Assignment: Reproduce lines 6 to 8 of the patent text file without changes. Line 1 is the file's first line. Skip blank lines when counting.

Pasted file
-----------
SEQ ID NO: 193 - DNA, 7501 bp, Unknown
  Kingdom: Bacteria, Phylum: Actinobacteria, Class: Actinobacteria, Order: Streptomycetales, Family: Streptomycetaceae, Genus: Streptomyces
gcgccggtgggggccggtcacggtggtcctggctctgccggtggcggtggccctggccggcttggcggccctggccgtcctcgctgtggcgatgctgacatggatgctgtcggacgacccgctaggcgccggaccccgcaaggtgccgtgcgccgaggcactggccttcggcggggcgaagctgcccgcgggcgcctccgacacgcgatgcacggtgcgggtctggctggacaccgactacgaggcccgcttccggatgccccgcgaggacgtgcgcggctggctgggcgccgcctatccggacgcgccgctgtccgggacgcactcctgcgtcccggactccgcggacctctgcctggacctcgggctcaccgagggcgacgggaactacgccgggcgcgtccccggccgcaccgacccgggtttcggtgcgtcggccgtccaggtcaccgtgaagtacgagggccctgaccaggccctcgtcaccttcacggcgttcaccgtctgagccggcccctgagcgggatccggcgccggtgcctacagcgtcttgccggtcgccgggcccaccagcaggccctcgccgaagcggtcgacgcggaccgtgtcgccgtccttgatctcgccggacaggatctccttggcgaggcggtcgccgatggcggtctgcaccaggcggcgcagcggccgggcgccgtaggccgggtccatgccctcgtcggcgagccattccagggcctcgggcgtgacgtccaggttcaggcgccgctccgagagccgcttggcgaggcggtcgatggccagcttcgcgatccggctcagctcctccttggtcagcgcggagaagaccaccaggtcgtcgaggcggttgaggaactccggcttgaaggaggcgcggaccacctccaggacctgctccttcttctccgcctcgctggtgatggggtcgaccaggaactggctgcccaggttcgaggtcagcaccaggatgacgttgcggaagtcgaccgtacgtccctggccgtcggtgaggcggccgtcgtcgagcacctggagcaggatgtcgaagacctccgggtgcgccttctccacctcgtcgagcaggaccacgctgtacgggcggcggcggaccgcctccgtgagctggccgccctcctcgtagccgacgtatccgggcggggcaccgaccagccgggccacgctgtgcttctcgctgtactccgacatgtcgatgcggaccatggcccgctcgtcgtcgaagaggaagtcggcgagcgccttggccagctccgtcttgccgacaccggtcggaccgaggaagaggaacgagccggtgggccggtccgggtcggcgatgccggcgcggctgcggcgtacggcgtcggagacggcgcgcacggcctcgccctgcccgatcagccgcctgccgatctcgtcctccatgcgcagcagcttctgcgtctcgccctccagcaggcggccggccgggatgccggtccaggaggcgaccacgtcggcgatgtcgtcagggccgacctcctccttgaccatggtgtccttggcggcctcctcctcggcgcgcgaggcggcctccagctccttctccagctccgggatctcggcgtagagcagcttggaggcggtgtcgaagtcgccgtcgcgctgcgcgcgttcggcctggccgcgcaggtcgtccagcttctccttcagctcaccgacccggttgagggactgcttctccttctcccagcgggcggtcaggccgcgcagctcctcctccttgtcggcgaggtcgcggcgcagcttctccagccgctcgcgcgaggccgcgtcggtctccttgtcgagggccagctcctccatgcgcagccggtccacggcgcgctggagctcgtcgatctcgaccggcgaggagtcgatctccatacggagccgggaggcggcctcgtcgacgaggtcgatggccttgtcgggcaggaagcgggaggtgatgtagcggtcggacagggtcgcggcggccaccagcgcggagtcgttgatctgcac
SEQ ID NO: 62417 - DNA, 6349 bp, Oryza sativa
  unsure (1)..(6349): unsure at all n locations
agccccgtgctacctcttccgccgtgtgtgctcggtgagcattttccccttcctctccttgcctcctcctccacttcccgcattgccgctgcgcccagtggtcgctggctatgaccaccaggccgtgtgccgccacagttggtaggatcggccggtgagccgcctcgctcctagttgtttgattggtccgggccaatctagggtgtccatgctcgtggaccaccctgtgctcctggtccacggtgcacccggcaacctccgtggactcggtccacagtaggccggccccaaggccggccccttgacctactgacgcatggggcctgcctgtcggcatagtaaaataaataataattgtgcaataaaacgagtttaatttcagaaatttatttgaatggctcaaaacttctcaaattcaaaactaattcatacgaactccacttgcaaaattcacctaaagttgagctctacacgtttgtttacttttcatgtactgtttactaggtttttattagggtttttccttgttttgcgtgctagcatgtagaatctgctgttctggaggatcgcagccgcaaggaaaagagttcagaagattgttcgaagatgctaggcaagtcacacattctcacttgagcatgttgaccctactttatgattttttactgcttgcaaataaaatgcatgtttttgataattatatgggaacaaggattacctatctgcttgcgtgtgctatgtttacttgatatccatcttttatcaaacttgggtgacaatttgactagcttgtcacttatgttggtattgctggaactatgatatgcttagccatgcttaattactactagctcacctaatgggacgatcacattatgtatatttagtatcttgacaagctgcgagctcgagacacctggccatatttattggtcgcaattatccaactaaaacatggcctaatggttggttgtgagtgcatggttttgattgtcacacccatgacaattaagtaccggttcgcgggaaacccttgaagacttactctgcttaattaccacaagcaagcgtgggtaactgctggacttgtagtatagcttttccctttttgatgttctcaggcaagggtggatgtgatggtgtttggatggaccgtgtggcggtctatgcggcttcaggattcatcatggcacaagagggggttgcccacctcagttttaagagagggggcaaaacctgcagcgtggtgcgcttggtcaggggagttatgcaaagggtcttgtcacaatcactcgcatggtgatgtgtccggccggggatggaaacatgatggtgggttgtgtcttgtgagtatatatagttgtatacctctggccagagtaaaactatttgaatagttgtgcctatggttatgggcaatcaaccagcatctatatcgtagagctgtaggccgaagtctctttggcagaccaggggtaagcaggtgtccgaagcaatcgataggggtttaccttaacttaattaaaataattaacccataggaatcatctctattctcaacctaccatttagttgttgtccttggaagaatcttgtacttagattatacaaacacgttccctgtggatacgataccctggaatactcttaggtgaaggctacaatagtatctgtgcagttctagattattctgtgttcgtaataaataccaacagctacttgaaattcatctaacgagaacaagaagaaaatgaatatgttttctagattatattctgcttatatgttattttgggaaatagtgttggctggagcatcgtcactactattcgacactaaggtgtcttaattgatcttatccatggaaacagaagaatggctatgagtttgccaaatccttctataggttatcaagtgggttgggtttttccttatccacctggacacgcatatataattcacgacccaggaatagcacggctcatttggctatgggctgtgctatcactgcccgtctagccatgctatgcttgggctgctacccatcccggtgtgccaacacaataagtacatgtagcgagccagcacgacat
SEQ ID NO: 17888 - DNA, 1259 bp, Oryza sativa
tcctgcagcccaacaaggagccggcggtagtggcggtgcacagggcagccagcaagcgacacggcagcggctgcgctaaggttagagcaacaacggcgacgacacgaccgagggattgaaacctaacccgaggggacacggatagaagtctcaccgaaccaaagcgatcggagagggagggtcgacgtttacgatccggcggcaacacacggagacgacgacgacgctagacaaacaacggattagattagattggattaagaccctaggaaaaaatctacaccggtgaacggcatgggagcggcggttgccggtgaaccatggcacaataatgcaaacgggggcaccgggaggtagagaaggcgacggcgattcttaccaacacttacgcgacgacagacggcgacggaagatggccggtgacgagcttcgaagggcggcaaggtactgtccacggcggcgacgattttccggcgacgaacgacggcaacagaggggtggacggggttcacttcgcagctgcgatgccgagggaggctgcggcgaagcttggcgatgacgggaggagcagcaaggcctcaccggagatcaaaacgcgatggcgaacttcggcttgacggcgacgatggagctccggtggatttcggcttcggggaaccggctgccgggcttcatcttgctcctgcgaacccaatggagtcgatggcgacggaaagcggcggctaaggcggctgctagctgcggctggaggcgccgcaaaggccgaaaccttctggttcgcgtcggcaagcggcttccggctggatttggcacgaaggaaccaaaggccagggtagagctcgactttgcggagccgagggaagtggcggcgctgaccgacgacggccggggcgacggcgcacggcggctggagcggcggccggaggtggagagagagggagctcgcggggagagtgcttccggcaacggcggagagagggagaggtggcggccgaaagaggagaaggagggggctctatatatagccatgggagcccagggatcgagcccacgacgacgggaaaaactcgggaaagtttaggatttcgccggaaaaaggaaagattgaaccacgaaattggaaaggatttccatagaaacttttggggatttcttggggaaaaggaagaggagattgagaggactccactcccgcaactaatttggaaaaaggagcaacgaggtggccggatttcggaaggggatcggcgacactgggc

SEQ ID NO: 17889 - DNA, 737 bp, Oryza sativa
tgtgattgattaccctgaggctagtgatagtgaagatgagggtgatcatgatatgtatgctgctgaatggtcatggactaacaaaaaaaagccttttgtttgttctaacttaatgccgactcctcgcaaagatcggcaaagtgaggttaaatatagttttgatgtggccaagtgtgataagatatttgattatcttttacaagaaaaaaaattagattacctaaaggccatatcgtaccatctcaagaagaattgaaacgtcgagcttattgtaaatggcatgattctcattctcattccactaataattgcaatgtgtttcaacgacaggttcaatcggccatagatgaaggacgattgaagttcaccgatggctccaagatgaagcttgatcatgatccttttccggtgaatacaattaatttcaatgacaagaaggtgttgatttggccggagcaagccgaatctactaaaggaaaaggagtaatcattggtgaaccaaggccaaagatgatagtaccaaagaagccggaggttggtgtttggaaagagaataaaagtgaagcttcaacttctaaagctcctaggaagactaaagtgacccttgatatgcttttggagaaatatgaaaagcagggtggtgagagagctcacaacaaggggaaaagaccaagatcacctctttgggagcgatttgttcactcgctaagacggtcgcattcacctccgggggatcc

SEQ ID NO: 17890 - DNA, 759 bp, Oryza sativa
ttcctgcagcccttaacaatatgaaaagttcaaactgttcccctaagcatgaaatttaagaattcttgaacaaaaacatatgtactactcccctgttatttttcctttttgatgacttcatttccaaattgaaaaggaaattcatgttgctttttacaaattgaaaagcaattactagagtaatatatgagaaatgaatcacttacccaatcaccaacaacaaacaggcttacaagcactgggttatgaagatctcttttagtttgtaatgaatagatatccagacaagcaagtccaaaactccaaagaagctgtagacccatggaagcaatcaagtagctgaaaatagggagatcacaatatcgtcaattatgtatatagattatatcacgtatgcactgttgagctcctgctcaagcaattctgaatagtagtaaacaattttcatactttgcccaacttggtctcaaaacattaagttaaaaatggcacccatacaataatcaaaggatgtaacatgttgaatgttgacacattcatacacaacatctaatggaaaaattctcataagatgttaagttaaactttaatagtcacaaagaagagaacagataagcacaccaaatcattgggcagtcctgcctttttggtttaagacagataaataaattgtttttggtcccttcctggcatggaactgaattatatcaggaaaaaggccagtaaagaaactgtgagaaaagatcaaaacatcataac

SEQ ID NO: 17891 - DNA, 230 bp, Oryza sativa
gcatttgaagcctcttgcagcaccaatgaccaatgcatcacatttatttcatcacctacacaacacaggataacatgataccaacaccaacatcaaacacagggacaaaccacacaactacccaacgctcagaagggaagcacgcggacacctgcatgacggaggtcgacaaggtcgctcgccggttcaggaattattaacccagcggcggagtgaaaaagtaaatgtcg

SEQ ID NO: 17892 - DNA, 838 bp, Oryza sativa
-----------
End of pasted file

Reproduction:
agccccgtgctacctcttccgccgtgtgtgctcggtgagcattttccccttcctctccttgcctcctcctccacttcccgcattgccgctgcgcccagtggtcgctggctatgaccaccaggccgtgtgccgccacagttggtaggatcggccggtgagccgcctcgctcctagttgtttgattggtccgggccaatctagggtgtccatgctcgtggaccaccctgtgctcctggtccacggtgcacccggcaacctccgtggactcggtccacagtaggccggccccaaggccggccccttgacctactgacgcatggggcctgcctgtcggcatagtaaaataaataataattgtgcaataaaacgagtttaatttcagaaatttatttgaatggctcaaaacttctcaaattcaaaactaattcatacgaactccacttgcaaaattcacctaaagttgagctctacacgtttgtttacttttcatgtactgtttactaggtttttattagggtttttccttgttttgcgtgctagcatgtagaatctgctgttctggaggatcgcagccgcaaggaaaagagttcagaagattgttcgaagatgctaggcaagtcacacattctcacttgagcatgttgaccctactttatgattttttactgcttgcaaataaaatgcatgtttttgataattatatgggaacaaggattacctatctgcttgcgtgtgctatgtttacttgatatccatcttttatcaaacttgggtgacaatttgactagcttgtcacttatgttggtattgctggaactatgatatgcttagccatgcttaattactactagctcacctaatgggacgatcacattatgtatatttagtatcttgacaagctgcgagctcgagacacctggccatatttattggtcgcaattatccaactaaaacatggcctaatggttggttgtgagtgcatggttttgattgtcacacccatgacaattaagtaccggttcgcgggaaacccttgaagacttactctgcttaattaccacaagcaagcgtgggtaactgctggacttgtagtatagcttttccctttttgatgttctcaggcaagggtggatgtgatggtgtttggatggaccgtgtggcggtctatgcggcttcaggattcatcatggcacaagagggggttgcccacctcagttttaagagagggggcaaaacctgcagcgtggtgcgcttggtcaggggagttatgcaaagggtcttgtcacaatcactcgcatggtgatgtgtccggccggggatggaaacatgatggtgggttgtgtcttgtgagtatatatagttgtatacctctggccagagtaaaactatttgaatagttgtgcctatggttatgggcaatcaaccagcatctatatcgtagagctgtaggccgaagtctctttggcagaccaggggtaagcaggtgtccgaagcaatcgataggggtttaccttaacttaattaaaataattaacccataggaatcatctctattctcaacctaccatttagttgttgtccttggaagaatcttgtacttagattatacaaacacgttccctgtggatacgataccctggaatactcttaggtgaaggctacaatagtatctgtgcagttctagattattctgtgttcgtaataaataccaacagctacttgaaattcatctaacgagaacaagaagaaaatgaatatgttttctagattatattctgcttatatgttattttgggaaatagtgttggctggagcatcgtcactactattcgacactaaggtgtcttaattgatcttatccatggaaacagaagaatggctatgagtttgccaaatccttctataggttatcaagtgggttgggtttttccttatccacctggacacgcatatataattcacgacccaggaatagcacggctcatttggctatgggctgtgctatcactgcccgtctagccatgctatgcttgggctgctacccatcccggtgtgccaacacaataagtacatgtagcgagccagcacgacat
SEQ ID NO: 17888 - DNA, 1259 bp, Oryza sativa
tcctgcagcccaacaaggagccggcggtagtggcggtgcacagggcagccagcaagcgacacggcagcggctgcgctaaggttagagcaacaacggcgacgacacgaccgagggattgaaacctaacccgaggggacacggatagaagtctcaccgaaccaaagcgatcggagagggagggtcgacgtttacgatccggcggcaacacacggagacgacgacgacgctagacaaacaacggattagattagattggattaagaccctaggaaaaaatctacaccggtgaacggcatgggagcggcggttgccggtgaaccatggcacaataatgcaaacgggggcaccgggaggtagagaaggcgacggcgattcttaccaacacttacgcgacgacagacggcgacggaagatggccggtgacgagcttcgaagggcggcaaggtactgtccacggcggcgacgattttccggcgacgaacgacggcaacagaggggtggacggggttcacttcgcagctgcgatgccgagggaggctgcggcgaagcttggcgatgacgggaggagcagcaaggcctcaccggagatcaaaacgcgatggcgaacttcggcttgacggcgacgatggagctccggtggatttcggcttcggggaaccggctgccgggcttcatcttgctcctgcgaacccaatggagtcgatggcgacggaaagcggcggctaaggcggctgctagctgcggctggaggcgccgcaaaggccgaaaccttctggttcgcgtcggcaagcggcttccggctggatttggcacgaaggaaccaaaggccagggtagagctcgactttgcggagccgagggaagtggcggcgctgaccgacgacggccggggcgacggcgcacggcggctggagcggcggccggaggtggagagagagggagctcgcggggagagtgcttccggcaacggcggagagagggagaggtggcggccgaaagaggagaaggagggggctctatatatagccatgggagcccagggatcgagcccacgacgacgggaaaaactcgggaaagtttaggatttcgccggaaaaaggaaagattgaaccacgaaattggaaaggatttccatagaaacttttggggatttcttggggaaaaggaagaggagattgagaggactccactcccgcaactaatttggaaaaaggagcaacgaggtggccggatttcggaaggggatcggcgacactgggc